Don't Get Your Penis Stuck in the Bubble Wand
(a day of conversations with, or possibly at, my 3-year-old)
Are we being cats?
You have a choice.
You can, or I can.
Don't bite your dirty socks.
The trucks stop in the hallway.
Don't pull on the hole in your mattress.
Don't fall over the edge.
Are we monkeys now?
Don't frighten the ants.
Their home is outdoors.
Rocks don't live in the house.
That's not a choice.
Do you want naked dinner?
Let's be trucks.
Tell me if you have to go.
You can touch your penis or you can eat tomatoes.
Because that's not clean.
That was a choice, but it isn't anymore.
Am I a baby? Who's the baby?
Let me go ahead of you on the stairs.
Ten more minutes.
Five more minutes.
Don't put food in your pockets.
Not in the same pocket as gravel.
Remind me the cookie's in your pocket.
One more minute.
That was a good loud sound.
Pouring water on the floor hurts people.
Let's be mops. Let's lie down.
I don't want to fall.
Don't pee in the cup you drink from.
Now it's my choice.
You can shut the light.
I'll hold onto you.
The ___ on the bus goes ___ and ___,
___, ___, ___.
Lower East Side Playground, 1974, 2014
The home I got away from has become beautiful
with a gate around it. I trade entry for gossip
with a tortoise-faced man in a brown fedora
who used to compare me to his successful daughter
when we rode the same elevator.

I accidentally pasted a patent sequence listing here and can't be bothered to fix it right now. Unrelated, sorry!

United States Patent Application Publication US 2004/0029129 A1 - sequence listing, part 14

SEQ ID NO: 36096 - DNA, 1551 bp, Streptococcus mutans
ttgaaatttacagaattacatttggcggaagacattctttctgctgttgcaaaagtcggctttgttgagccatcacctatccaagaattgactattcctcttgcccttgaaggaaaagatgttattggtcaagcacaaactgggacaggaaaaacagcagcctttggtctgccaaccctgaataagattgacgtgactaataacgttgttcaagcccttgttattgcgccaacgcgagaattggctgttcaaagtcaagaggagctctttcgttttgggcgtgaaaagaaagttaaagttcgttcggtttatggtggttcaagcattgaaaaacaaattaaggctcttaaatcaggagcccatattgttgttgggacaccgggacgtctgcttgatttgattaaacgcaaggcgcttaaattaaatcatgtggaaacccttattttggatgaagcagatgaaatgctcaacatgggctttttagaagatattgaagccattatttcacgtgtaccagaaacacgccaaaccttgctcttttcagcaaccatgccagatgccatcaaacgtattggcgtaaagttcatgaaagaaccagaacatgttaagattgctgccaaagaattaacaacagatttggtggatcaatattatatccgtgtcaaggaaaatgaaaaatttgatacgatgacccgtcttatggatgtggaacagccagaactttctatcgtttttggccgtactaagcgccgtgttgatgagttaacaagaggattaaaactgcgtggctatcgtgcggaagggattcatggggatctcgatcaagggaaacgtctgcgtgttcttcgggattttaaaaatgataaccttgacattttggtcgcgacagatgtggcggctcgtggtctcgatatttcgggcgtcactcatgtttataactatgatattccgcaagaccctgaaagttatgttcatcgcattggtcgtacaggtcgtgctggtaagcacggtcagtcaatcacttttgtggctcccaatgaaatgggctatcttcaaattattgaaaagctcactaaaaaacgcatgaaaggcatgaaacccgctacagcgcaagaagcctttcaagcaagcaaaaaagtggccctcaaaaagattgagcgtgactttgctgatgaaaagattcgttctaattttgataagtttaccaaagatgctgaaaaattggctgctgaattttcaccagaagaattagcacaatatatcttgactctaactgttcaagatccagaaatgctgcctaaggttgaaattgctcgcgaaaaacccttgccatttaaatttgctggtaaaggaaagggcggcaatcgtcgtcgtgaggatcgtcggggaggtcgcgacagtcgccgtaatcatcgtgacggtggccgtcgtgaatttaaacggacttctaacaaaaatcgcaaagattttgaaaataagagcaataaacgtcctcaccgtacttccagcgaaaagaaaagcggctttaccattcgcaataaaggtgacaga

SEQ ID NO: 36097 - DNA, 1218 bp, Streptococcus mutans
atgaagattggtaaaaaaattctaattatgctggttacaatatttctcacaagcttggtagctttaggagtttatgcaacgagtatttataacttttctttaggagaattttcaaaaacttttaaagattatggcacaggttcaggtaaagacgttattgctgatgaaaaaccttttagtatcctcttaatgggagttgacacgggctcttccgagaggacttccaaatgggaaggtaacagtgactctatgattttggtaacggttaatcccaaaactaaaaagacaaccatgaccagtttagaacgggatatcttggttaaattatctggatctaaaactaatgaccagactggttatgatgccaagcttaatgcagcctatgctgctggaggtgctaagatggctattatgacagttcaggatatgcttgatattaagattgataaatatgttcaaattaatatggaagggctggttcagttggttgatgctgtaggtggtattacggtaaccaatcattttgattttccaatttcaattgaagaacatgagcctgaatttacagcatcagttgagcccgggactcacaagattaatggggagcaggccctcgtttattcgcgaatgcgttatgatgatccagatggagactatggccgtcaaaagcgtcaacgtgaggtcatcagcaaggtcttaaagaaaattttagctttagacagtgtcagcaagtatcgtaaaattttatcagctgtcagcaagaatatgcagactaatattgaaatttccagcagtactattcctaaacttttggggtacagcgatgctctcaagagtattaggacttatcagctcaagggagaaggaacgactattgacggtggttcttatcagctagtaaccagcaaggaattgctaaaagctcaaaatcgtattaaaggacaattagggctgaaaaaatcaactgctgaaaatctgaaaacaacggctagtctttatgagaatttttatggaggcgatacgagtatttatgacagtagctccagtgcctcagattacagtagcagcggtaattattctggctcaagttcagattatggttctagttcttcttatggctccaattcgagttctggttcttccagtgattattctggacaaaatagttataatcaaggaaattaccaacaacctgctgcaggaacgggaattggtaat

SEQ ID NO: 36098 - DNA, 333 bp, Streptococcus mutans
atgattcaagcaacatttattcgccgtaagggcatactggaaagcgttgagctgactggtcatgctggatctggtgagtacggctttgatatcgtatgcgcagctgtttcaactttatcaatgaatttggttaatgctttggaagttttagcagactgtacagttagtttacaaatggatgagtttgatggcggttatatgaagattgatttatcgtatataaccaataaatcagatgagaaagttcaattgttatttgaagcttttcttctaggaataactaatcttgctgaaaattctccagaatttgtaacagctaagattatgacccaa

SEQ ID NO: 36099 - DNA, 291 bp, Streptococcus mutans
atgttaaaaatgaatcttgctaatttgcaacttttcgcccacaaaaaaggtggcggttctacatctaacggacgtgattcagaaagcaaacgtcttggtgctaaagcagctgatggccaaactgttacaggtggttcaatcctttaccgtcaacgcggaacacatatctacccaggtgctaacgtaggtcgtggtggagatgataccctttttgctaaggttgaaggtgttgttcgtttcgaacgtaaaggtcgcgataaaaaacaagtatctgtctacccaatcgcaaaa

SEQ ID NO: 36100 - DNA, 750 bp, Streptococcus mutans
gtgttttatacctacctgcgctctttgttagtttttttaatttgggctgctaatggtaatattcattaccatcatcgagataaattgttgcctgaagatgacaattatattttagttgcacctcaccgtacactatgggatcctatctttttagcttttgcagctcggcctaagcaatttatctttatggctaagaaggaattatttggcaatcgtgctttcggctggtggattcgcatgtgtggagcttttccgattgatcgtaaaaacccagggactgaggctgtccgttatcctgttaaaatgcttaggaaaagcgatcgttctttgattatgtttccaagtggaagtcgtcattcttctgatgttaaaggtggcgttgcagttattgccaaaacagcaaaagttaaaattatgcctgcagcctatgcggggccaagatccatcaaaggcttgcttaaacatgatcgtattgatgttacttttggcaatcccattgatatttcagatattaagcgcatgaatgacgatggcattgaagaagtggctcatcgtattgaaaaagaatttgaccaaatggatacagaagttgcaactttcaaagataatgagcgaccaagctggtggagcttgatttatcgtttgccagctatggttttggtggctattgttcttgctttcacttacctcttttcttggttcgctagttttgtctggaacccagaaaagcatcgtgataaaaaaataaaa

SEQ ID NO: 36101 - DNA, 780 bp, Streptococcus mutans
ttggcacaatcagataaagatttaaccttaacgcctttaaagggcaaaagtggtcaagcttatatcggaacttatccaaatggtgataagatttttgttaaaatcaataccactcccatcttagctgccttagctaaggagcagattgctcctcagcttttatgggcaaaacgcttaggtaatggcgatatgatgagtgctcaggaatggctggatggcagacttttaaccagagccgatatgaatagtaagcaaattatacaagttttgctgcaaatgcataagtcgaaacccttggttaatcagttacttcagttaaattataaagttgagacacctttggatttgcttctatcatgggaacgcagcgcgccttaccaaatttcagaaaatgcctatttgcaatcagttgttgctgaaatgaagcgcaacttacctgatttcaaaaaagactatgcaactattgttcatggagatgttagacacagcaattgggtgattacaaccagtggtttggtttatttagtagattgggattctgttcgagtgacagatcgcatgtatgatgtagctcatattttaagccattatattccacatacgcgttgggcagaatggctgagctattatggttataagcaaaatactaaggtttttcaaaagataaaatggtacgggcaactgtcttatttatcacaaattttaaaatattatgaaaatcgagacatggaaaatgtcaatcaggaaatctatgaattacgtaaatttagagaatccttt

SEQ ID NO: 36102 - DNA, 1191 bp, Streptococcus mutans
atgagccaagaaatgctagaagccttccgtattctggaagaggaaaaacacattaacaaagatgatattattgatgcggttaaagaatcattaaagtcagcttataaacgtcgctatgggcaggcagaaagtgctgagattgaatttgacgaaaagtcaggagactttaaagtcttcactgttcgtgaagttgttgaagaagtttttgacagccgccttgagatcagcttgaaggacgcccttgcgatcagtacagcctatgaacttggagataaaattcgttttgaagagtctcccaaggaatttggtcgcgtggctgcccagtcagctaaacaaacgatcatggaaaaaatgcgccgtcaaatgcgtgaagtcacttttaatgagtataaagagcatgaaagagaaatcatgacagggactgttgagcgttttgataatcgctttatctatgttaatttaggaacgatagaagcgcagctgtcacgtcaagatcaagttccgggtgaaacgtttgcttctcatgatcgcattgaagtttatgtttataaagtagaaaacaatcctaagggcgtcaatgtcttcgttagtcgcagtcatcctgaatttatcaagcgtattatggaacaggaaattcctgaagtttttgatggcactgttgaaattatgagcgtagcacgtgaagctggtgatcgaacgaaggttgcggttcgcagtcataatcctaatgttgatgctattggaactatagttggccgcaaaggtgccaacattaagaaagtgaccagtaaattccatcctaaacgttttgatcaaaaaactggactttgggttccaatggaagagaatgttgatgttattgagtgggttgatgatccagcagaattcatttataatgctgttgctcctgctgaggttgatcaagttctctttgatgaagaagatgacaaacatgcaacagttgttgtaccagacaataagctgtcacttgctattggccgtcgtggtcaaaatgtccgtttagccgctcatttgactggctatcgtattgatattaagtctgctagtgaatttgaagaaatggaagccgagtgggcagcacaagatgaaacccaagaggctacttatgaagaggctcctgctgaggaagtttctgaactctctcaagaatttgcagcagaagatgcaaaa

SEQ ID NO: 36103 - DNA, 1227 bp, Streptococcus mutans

I was born here, in a bedroom above the garbage depot,
when this back playground was open to the street of grandmothers
Yiddish and Spanish, in housedresses and pantyhose,
and I offered myself to their lonely laps.
Puerto Rican fathers showed off their baby girls' earrings
and their heaving, black-tongued dogs.
Between two sheet-metal corners of the jungle gym
I made my tiny throne, a story
I couldn't share with my temporary friends.
Beauty in Manhattan is a far-off flier
of a newspaper riding the thermals
and anything communal is nailed to concrete.
I married a calm man with a gold necktie
who remembers me surviving here
behind a fortress of hair and books,
who remembers me in the mouth of my mother.
For eleven years we have grown our garden elsehwere.
Everyone flipped their apartments and the building planted
ornamental cabbage behind a fence of wrought-iron birds.
A gourmet donut shop edged out the kosher butcher
who casually hacked yellow-skinned chickens in quarters
over a sawdust floor.
The old turtle neighbor asks after my mother.
She's not, she's never been, but I tell him she's fine.
My two-year-old son climbs on bars I don't recognize.
The metal is tender, the ground rubber padded,
the riding toys leave less to imagine
of horse and hippo. He smiles bright as a medal.
He is the scrambled eggs on my admiral hat.
He is happy as a rubber ball.
Across the cloud-marbled sky the June treetops sweep
like Scarlett O'Hara's green velvet curtain-skirts.
My mother's lies are a stopped phone.
I've mislaid her bracelet of bruises.
A soda can bangs in the gutter and the bus that never comes
more than once an hour sinks to a stop
with a contented fart. Was this place never terrible?
We can no longer afford to live
in its smallest rooms.
Forty years on the wind, tomorrow
becomes another day.